Starting Sunday May 2nd, boutique wineries from across California will be bringing their handcrafted wines to the new SF WINEMAKER’S MARKET in Del Monte Square, next to THE CANNERY at Fisherman’s Wharf. You will be able to sample wines, and there will also be food pairings from local San Francisco venues, and non-alcoholic tastings for kids. Admission to the market is free and, with the one-time purchase of an eco-friendly reusable 6-pack wine carrier for $20, shoppers will be able to sample wines at the market. A portion of the proceeds from the sale of the wine carrier will be donated to local charities and non-profit organizations supporting sustainable farming. In addition to the wineries in Del Monte Square, several neighborhood tasting-rooms along San Francisco’s Wine Walk on the Wharf will be participating in the market, including Buena Vista Carneros, Cellar 360, Wattle Creek, Wines of California, and Winery Collective. The SF Winemaker’s Market will be open every Sunday from 1pm-4pm.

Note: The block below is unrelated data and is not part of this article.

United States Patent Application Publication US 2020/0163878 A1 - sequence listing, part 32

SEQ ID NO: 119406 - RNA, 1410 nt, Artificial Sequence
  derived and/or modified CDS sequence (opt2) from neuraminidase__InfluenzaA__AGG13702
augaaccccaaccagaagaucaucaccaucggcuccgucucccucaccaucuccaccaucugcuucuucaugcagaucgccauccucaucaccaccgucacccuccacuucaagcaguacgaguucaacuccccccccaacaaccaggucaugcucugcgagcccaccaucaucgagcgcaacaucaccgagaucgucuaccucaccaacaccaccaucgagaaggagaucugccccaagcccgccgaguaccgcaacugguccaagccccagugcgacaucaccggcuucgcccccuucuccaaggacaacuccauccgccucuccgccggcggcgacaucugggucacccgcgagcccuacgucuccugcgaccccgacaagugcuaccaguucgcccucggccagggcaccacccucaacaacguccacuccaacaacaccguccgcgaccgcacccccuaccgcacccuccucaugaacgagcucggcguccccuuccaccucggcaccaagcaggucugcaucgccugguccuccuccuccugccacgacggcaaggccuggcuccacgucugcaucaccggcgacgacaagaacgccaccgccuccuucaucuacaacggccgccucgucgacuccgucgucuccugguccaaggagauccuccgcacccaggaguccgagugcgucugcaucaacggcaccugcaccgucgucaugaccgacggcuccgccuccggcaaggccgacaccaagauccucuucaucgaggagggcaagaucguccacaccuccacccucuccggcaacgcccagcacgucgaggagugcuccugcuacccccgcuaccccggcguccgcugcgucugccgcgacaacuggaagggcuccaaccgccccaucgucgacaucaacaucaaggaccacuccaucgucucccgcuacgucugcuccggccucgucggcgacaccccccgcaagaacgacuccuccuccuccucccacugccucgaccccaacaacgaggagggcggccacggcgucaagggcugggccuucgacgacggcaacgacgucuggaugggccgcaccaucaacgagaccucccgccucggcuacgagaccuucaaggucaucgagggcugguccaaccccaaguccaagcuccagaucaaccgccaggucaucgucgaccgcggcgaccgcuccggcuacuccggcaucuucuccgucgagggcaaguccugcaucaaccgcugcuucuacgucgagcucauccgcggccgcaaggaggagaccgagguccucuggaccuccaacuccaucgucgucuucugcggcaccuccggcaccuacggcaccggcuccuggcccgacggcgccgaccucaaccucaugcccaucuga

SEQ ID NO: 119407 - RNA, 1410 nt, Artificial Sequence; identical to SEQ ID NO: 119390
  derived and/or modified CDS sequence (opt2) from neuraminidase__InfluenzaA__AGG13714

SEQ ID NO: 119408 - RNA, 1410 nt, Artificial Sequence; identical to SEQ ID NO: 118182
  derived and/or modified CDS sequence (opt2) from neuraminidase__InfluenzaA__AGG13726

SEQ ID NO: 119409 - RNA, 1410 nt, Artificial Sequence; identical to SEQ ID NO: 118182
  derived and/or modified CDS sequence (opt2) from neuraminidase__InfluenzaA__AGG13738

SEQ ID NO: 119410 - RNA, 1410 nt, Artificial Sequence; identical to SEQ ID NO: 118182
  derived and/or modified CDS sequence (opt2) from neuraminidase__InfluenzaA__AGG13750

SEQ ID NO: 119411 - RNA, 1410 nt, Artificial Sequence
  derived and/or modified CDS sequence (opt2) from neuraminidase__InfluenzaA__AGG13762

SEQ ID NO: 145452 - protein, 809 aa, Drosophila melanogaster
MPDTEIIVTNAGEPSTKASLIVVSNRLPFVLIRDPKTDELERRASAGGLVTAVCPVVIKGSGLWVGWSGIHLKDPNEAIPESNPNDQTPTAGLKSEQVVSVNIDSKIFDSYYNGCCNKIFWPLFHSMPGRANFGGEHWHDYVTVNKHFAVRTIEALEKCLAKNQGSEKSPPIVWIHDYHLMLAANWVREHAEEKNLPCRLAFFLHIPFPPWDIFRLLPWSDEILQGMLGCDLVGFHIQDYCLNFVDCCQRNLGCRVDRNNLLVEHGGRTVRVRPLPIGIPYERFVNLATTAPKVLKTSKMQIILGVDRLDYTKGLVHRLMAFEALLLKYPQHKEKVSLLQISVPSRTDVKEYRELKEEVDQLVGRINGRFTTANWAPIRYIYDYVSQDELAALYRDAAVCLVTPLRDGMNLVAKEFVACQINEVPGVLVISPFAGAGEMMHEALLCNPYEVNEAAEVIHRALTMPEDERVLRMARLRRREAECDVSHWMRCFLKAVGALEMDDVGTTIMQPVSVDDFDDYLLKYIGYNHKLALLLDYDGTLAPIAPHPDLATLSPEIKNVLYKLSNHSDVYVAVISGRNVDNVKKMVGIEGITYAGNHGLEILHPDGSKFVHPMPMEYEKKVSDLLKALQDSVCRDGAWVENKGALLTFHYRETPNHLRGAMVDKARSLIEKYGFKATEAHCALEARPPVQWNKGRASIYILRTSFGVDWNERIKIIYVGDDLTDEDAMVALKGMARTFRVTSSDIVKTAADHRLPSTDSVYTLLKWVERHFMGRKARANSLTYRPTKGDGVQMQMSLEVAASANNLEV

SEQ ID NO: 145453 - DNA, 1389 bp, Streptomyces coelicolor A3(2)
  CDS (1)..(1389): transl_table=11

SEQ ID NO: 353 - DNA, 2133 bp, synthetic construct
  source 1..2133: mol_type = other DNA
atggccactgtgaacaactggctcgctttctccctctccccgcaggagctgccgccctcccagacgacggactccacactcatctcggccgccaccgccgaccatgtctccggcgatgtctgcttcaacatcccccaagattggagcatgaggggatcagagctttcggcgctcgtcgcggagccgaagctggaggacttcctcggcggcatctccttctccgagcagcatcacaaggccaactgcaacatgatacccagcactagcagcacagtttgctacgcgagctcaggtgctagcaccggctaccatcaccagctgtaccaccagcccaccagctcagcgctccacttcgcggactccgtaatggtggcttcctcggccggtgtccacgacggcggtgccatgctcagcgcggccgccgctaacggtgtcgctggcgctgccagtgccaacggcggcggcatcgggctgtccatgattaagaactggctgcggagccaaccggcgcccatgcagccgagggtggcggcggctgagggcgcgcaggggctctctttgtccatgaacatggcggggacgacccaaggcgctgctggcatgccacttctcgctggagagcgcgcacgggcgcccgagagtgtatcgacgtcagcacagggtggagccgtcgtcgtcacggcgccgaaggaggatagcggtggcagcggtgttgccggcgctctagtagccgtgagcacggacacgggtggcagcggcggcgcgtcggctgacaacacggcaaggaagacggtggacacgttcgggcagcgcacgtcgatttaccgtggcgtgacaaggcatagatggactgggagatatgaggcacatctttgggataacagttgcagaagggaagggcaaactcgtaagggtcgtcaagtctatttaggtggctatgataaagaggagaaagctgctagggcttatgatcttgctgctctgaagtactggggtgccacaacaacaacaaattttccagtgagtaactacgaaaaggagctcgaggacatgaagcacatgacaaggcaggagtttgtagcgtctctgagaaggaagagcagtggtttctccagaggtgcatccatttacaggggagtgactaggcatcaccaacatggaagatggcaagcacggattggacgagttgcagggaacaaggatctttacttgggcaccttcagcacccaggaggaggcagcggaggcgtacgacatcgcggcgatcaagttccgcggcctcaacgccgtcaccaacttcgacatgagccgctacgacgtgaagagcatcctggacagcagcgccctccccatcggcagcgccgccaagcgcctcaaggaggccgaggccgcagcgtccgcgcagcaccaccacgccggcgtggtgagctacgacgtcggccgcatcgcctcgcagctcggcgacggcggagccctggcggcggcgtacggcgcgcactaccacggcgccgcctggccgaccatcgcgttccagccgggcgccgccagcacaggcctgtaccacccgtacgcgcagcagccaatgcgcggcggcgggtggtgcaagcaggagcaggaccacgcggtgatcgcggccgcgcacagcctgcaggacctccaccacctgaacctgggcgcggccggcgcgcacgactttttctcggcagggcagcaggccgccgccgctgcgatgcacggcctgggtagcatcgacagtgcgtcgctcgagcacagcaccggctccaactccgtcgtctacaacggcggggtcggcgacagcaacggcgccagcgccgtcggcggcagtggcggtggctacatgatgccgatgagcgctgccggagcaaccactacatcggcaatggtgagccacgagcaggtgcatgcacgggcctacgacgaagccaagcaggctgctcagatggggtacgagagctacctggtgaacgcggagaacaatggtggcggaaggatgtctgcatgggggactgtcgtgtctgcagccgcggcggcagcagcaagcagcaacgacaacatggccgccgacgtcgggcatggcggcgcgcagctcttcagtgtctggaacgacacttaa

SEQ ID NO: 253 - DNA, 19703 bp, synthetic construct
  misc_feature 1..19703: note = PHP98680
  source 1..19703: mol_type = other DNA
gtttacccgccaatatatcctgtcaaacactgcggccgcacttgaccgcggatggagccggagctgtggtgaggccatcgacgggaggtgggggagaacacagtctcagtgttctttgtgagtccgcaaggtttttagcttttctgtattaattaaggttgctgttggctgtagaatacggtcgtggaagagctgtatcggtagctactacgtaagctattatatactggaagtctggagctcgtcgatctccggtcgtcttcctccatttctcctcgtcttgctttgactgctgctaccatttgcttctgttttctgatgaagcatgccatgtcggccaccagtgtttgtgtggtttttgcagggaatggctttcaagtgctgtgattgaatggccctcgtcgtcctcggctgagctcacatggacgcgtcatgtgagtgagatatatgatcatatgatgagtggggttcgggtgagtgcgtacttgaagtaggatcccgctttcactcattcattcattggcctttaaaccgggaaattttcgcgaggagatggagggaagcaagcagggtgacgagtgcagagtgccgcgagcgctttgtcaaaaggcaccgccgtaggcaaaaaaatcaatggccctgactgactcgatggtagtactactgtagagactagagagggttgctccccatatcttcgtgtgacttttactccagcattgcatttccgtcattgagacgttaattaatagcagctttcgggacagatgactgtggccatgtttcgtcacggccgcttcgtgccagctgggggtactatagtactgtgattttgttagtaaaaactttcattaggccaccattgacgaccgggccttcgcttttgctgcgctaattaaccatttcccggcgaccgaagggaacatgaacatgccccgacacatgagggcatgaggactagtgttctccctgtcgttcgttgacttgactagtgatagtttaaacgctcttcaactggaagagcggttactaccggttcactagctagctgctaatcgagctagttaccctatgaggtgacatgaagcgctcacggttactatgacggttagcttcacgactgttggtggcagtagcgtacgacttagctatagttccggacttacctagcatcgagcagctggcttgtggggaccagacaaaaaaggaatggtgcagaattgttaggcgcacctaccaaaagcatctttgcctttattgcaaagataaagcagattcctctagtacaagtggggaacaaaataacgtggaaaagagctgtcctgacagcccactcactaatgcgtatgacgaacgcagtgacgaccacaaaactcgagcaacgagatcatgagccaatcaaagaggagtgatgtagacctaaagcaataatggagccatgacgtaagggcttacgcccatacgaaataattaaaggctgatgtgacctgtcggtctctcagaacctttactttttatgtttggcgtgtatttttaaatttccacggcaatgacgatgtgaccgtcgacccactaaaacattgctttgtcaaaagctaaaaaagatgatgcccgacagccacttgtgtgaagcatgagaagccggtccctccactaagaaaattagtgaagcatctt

Oh Gosh! Beer Dinner with Allagash Brewing Company on 5/5


Don’t want tequila on Cinco de Mayo? How about some quality suds? MONK’S KETTLE is featuring the Belgian-style and barrel-aged beers of Portland, Maine’s Allagash Brewing Company on May 5th as part of its monthly beer-pairing dinner program. Begun in 1995 by Rob Tod as a one-man operation, Allagash has developed a national reputation for its high-quality Belgian-style and barrel-aged beers. It will be a five-course dinner, and the featured beers on draft are: White, Vintage ‘09 Fluxus, Confluence, Vintage ‘08 Curieux, and Odyssey. You can view the entire menu here. (And mark your calendar: Lagunitas Brewing Company will be featured on June 2nd.)

               Wednesday May  5, 2010 5:30pm reception; 6:30pm dinner $85 more info

Monk's Kettle            - 3141 16th St. San Francisco - 415-865-9523

Fritz Maytag Sells Anchor Brewing Company